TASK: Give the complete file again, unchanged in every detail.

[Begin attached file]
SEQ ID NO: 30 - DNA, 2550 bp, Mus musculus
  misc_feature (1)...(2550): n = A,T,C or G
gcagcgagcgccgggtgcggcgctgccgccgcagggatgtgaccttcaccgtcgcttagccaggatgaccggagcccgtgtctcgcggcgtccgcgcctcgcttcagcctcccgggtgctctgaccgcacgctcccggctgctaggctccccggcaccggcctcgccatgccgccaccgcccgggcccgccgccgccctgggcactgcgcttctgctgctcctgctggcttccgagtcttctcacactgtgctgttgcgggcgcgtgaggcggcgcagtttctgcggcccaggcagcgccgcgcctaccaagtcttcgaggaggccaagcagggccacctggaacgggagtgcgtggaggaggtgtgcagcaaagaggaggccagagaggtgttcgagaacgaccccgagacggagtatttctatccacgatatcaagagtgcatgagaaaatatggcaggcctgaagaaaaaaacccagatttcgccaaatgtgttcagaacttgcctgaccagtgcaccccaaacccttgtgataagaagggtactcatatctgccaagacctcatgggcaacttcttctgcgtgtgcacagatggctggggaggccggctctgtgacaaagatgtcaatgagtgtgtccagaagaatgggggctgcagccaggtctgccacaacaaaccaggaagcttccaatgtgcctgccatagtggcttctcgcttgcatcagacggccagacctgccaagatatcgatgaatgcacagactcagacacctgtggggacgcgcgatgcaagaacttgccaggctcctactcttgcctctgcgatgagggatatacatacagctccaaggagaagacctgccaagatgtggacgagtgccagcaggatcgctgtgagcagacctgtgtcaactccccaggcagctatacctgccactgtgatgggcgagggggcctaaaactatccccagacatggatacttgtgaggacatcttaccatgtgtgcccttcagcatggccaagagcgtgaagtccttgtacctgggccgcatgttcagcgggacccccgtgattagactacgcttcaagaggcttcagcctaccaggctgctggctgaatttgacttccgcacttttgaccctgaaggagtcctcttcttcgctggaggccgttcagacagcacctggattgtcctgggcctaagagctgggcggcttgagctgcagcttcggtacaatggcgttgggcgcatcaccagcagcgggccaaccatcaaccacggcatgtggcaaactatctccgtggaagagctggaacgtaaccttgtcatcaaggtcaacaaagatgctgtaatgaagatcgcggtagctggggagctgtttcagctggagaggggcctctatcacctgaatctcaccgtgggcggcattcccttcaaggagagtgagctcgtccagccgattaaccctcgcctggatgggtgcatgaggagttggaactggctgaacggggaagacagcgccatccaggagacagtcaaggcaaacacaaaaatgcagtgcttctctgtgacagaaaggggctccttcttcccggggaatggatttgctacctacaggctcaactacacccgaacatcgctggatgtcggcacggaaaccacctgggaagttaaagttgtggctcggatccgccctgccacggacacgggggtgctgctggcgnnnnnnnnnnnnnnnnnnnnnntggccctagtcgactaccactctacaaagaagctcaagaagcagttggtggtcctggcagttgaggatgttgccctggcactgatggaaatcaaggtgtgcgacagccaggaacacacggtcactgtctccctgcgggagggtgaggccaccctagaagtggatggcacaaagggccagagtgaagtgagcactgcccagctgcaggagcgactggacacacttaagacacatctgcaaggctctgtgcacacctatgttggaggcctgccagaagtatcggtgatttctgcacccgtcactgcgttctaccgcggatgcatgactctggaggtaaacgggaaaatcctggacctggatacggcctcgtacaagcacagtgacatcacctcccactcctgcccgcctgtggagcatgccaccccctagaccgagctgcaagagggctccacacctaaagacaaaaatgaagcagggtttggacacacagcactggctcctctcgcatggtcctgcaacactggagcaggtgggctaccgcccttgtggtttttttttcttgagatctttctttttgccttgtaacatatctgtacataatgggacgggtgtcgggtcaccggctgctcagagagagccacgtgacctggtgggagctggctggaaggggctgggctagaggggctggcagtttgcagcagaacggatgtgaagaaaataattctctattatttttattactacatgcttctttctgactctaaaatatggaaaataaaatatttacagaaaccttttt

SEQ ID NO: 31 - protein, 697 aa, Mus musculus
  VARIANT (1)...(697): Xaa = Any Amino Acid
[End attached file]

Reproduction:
SEQ ID NO: 30 - DNA, 2550 bp, Mus musculus
  misc_feature (1)...(2550): n = A,T,C or G
gcagcgagcgccgggtgcggcgctgccgccgcagggatgtgaccttcaccgtcgcttagccaggatgaccggagcccgtgtctcgcggcgtccgcgcctcgcttcagcctcccgggtgctctgaccgcacgctcccggctgctaggctccccggcaccggcctcgccatgccgccaccgcccgggcccgccgccgccctgggcactgcgcttctgctgctcctgctggcttccgagtcttctcacactgtgctgttgcgggcgcgtgaggcggcgcagtttctgcggcccaggcagcgccgcgcctaccaagtcttcgaggaggccaagcagggccacctggaacgggagtgcgtggaggaggtgtgcagcaaagaggaggccagagaggtgttcgagaacgaccccgagacggagtatttctatccacgatatcaagagtgcatgagaaaatatggcaggcctgaagaaaaaaacccagatttcgccaaatgtgttcagaacttgcctgaccagtgcaccccaaacccttgtgataagaagggtactcatatctgccaagacctcatgggcaacttcttctgcgtgtgcacagatggctggggaggccggctctgtgacaaagatgtcaatgagtgtgtccagaagaatgggggctgcagccaggtctgccacaacaaaccaggaagcttccaatgtgcctgccatagtggcttctcgcttgcatcagacggccagacctgccaagatatcgatgaatgcacagactcagacacctgtggggacgcgcgatgcaagaacttgccaggctcctactcttgcctctgcgatgagggatatacatacagctccaaggagaagacctgccaagatgtggacgagtgccagcaggatcgctgtgagcagacctgtgtcaactccccaggcagctatacctgccactgtgatgggcgagggggcctaaaactatccccagacatggatacttgtgaggacatcttaccatgtgtgcccttcagcatggccaagagcgtgaagtccttgtacctgggccgcatgttcagcgggacccccgtgattagactacgcttcaagaggcttcagcctaccaggctgctggctgaatttgacttccgcacttttgaccctgaaggagtcctcttcttcgctggaggccgttcagacagcacctggattgtcctgggcctaagagctgggcggcttgagctgcagcttcggtacaatggcgttgggcgcatcaccagcagcgggccaaccatcaaccacggcatgtggcaaactatctccgtggaagagctggaacgtaaccttgtcatcaaggtcaacaaagatgctgtaatgaagatcgcggtagctggggagctgtttcagctggagaggggcctctatcacctgaatctcaccgtgggcggcattcccttcaaggagagtgagctcgtccagccgattaaccctcgcctggatgggtgcatgaggagttggaactggctgaacggggaagacagcgccatccaggagacagtcaaggcaaacacaaaaatgcagtgcttctctgtgacagaaaggggctccttcttcccggggaatggatttgctacctacaggctcaactacacccgaacatcgctggatgtcggcacggaaaccacctgggaagttaaagttgtggctcggatccgccctgccacggacacgggggtgctgctggcgnnnnnnnnnnnnnnnnnnnnnntggccctagtcgactaccactctacaaagaagctcaagaagcagttggtggtcctggcagttgaggatgttgccctggcactgatggaaatcaaggtgtgcgacagccaggaacacacggtcactgtctccctgcgggagggtgaggccaccctagaagtggatggcacaaagggccagagtgaagtgagcactgcccagctgcaggagcgactggacacacttaagacacatctgcaaggctctgtgcacacctatgttggaggcctgccagaagtatcggtgatttctgcacccgtcactgcgttctaccgcggatgcatgactctggaggtaaacgggaaaatcctggacctggatacggcctcgtacaagcacagtgacatcacctcccactcctgcccgcctgtggagcatgccaccccctagaccgagctgcaagagggctccacacctaaagacaaaaatgaagcagggtttggacacacagcactggctcctctcgcatggtcctgcaacactggagcaggtgggctaccgcccttgtggtttttttttcttgagatctttctttttgccttgtaacatatctgtacataatgggacgggtgtcgggtcaccggctgctcagagagagccacgtgacctggtgggagctggctggaaggggctgggctagaggggctggcagtttgcagcagaacggatgtgaagaaaataattctctattatttttattactacatgcttctttctgactctaaaatatggaaaataaaatatttacagaaaccttttt

SEQ ID NO: 31 - protein, 697 aa, Mus musculus
  VARIANT (1)...(697): Xaa = Any Amino Acid